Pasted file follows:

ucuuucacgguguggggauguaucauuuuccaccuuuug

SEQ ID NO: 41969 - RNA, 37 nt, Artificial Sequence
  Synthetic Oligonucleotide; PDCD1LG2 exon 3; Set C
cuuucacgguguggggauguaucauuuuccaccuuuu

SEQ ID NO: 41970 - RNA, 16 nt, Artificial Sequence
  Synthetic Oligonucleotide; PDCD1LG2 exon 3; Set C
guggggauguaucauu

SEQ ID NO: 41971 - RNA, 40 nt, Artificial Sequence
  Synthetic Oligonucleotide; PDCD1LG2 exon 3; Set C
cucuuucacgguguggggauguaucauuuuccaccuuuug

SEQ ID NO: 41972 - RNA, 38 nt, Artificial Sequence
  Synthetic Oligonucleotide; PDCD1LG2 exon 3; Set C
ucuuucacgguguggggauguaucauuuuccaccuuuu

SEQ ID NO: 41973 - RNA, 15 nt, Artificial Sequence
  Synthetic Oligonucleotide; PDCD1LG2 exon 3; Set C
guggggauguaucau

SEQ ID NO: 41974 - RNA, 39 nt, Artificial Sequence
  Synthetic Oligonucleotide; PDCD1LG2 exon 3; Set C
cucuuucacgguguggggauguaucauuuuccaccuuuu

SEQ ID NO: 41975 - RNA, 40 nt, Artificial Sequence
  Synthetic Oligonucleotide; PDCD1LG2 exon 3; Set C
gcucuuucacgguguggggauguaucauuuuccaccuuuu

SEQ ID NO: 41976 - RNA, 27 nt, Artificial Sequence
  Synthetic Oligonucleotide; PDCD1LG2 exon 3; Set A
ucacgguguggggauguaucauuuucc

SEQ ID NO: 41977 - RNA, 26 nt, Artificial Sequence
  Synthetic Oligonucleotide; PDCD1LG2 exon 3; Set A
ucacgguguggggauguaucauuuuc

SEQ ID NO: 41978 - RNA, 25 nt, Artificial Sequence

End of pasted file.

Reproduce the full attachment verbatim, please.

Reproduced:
ucuuucacgguguggggauguaucauuuuccaccuuuug

SEQ ID NO: 41969 - RNA, 37 nt, Artificial Sequence
  Synthetic Oligonucleotide; PDCD1LG2 exon 3; Set C
cuuucacgguguggggauguaucauuuuccaccuuuu

SEQ ID NO: 41970 - RNA, 16 nt, Artificial Sequence
  Synthetic Oligonucleotide; PDCD1LG2 exon 3; Set C
guggggauguaucauu

SEQ ID NO: 41971 - RNA, 40 nt, Artificial Sequence
  Synthetic Oligonucleotide; PDCD1LG2 exon 3; Set C
cucuuucacgguguggggauguaucauuuuccaccuuuug

SEQ ID NO: 41972 - RNA, 38 nt, Artificial Sequence
  Synthetic Oligonucleotide; PDCD1LG2 exon 3; Set C
ucuuucacgguguggggauguaucauuuuccaccuuuu

SEQ ID NO: 41973 - RNA, 15 nt, Artificial Sequence
  Synthetic Oligonucleotide; PDCD1LG2 exon 3; Set C
guggggauguaucau

SEQ ID NO: 41974 - RNA, 39 nt, Artificial Sequence
  Synthetic Oligonucleotide; PDCD1LG2 exon 3; Set C
cucuuucacgguguggggauguaucauuuuccaccuuuu

SEQ ID NO: 41975 - RNA, 40 nt, Artificial Sequence
  Synthetic Oligonucleotide; PDCD1LG2 exon 3; Set C
gcucuuucacgguguggggauguaucauuuuccaccuuuu

SEQ ID NO: 41976 - RNA, 27 nt, Artificial Sequence
  Synthetic Oligonucleotide; PDCD1LG2 exon 3; Set A
ucacgguguggggauguaucauuuucc

SEQ ID NO: 41977 - RNA, 26 nt, Artificial Sequence
  Synthetic Oligonucleotide; PDCD1LG2 exon 3; Set A
ucacgguguggggauguaucauuuuc

SEQ ID NO: 41978 - RNA, 25 nt, Artificial Sequence